Amira Unplugged / MTV

In order to lift people’s spirits at the beginning of the pandemic, Amira began posting videos on TikTok of herself singing and using sign language so her music could reach her deaf fans as well. She was surprised by how quickly she was able to amass a large audience. It was through her videos that she caught the attention of a talent scout for MTV’s new music competition show for rising TikTok singers, Becoming a Popstar. After a three-month process, Amira was one of those picked to be a contestant on the show.

Becoming a Popstar, as Amira describes, is different from other music competition shows we’ve all come to know over the years. “Well, first of all, it’s all original music. There’s not a single cover,” she says. “We have to write these songs in like a day or two and then meet with our producers, meet with our directors. Every week, we are producing a full project for people to vote on and decide if they’d listen to it on the radio.”

To make sure her deaf/HOH audiences can feel her songs, she makes sure to “add more bass, guitar, and violin in unique patterns.” She also incorporates “higher pitch sounds with like chimes, bells, and piccolo,” because, she says, they’re easier to feel. “But it’s less about the kind of instrument and more about how I arrange the pattern of the song. Everything I do is to create an atmosphere, a sensation, to make my music a multi-sensory experience.”

She says that working alongside the judges–pop stars Joe Jonas and Becky G, and choreographer Sean Bankhead – has helped expand her artistry. “Joe was really more about the vocal quality and the timber and Becky was really about the passion of [the song] and being convinced this was something you believed in,” she says. “And what was really great about [our choreographer] Sean is that obviously he’s a choreographer to the stars – Lil Nas X, Normani – but he didn’t only focus on choreo, he focused on stage presence, he focused on the overall message of the song. And I think all those critiques week to week helped us hone in on what we wanted to be saying with our next song.”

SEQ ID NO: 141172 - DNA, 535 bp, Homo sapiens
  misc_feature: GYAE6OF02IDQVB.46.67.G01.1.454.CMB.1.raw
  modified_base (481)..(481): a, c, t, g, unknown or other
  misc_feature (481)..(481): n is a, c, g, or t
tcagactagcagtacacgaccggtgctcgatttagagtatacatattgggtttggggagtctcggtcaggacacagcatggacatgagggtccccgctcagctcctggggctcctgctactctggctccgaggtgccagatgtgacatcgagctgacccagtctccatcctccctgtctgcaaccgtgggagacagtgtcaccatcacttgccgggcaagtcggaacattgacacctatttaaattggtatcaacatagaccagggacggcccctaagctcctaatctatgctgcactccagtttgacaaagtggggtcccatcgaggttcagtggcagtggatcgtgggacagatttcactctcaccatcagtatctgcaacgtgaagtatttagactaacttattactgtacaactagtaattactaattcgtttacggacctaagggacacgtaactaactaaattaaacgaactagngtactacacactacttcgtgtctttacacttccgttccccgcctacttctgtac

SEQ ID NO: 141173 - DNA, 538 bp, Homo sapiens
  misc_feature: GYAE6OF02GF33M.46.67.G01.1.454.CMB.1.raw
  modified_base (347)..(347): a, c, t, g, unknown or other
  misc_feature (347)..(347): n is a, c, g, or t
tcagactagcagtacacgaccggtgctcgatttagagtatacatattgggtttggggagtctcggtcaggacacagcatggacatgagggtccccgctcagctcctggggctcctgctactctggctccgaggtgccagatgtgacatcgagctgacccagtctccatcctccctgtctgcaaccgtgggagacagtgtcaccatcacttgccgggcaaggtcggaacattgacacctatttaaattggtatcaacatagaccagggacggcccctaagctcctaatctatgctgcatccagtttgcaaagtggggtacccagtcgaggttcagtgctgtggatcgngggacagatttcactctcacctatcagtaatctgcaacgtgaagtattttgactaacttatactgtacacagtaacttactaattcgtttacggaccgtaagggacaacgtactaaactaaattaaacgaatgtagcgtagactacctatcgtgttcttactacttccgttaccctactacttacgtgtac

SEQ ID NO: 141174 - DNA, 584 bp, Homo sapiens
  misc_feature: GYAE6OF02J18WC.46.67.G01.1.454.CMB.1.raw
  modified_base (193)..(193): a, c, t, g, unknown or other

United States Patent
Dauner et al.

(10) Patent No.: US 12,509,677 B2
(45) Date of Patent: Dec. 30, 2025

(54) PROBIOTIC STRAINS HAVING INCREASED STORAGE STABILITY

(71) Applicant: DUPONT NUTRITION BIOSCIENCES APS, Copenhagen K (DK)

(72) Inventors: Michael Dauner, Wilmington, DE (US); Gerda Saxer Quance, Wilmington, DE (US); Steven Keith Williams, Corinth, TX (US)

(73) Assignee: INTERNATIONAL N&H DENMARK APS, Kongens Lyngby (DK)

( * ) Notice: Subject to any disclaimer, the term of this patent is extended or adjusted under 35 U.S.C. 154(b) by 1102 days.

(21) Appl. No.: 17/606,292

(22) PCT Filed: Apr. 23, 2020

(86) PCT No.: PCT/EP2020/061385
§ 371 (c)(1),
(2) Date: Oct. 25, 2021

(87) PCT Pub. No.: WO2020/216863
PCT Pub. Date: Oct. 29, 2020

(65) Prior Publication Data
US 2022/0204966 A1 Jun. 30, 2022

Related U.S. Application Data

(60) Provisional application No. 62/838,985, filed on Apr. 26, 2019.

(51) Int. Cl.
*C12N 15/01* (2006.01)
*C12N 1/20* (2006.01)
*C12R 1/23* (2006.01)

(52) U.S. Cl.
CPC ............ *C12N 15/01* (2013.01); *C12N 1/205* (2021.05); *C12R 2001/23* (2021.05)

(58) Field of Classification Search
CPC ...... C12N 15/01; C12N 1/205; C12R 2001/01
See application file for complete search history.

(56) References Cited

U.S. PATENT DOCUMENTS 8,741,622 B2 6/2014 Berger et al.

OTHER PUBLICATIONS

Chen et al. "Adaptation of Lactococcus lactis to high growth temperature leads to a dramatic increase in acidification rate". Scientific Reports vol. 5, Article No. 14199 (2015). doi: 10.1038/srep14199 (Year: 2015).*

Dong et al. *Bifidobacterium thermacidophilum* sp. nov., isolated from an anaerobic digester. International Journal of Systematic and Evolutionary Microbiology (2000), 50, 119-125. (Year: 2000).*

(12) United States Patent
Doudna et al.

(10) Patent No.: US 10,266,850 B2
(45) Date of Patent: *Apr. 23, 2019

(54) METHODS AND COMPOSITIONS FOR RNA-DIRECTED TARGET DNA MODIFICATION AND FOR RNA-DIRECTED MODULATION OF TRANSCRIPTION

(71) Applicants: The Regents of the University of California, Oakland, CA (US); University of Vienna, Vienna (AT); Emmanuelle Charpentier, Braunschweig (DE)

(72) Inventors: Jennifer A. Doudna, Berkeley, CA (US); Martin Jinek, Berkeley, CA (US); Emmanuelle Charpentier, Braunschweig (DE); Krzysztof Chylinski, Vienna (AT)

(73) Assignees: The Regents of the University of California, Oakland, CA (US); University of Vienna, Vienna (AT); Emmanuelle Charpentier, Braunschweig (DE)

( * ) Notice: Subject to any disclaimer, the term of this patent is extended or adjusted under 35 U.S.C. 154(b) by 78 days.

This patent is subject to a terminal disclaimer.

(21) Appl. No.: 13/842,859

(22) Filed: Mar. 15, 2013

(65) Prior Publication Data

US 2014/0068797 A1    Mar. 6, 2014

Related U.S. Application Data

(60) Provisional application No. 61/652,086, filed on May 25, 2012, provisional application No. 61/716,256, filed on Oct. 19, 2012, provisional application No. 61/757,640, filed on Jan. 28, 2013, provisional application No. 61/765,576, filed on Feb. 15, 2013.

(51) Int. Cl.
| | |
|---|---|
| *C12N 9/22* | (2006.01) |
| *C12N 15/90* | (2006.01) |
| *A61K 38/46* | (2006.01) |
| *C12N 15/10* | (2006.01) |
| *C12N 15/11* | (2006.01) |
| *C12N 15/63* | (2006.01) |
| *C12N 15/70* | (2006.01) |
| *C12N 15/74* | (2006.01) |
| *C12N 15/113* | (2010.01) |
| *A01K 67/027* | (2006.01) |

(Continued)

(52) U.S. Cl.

As her star rises, it’s been both her Muslim faith and her friends, whom she calls “The Glasses Gang” (“because none of us can see!”), that continue to ground her. “The Muslim and the Muslima community have really gone hard [supporting me] and all these people have come together and I truly appreciate them,” Amira says. “I have just been flooded with DMs and emails and texts from [young muslim kids] people who have just been so inspired,” she says. “People who have said they have never seen anything like this, that I embody a lot of the style that they wanted to see and that the message hit them, which is really the most important thing to me.”

A Black woman wears a long, salmon pink hijab, black outfit and pink boots, smiling down at the camera with her arm outstretched to it.

Amira Unplugged

Amira Unplugged / MTV

Throughout the show’s production, she was able to continue to uphold her faith practices with the help of the crew, such as making sure her food was halal, having time to pray, dressing modestly, and working with female choreographers. “If people can accept this, can learn, and can grow, and bring more people into the fold of this industry, then I’m making a real difference,” she says.

Though she didn’t win the competition, this is only the beginning for Amira. Whether it’s on Becoming a Popstar or her videos online, Amira has made it clear she has no plans on going anywhere but up. “I’m so excited that I’ve gotten this opportunity because this is really, truly what I think I’m meant to do.”

Today is Malcolm X’s birthday. As an icon of Black liberation movements, his words are often rallying cries and guideposts in struggle. In 2020, after the officers who executed Breonna Taylor were not charged with her murder, my timeline was flooded with people reposting Malcolm’s famous quote: “The most disrespected person in America is the Black woman. The most unprotected person in America is the Black woman. The most neglected person in America is the Black woman.”

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As her fame continues to rise, Tiffany Haddish has remained a positive light for her fans with her infectious smile and relatable story. Since Girls Trip, fans have witnessed the comedian become a modern-day Cinderella due to the many opportunities that have come her way and the recognition she began to receive.

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We’ve all been there: Exhausted, lacking motivation, on edge, or simply not feeling like working at all. And we might have even used up all of our sick days, not to rest from a cold or injury, but just to get a bit of relief from those job or business responsibilities. Sometimes, you're not able to shake that nagging feeling of gloom, eventually finding yourself in a toxic pattern of unhealthy habits and behaviors. There's a larger issue that goes way beyond just needing a break.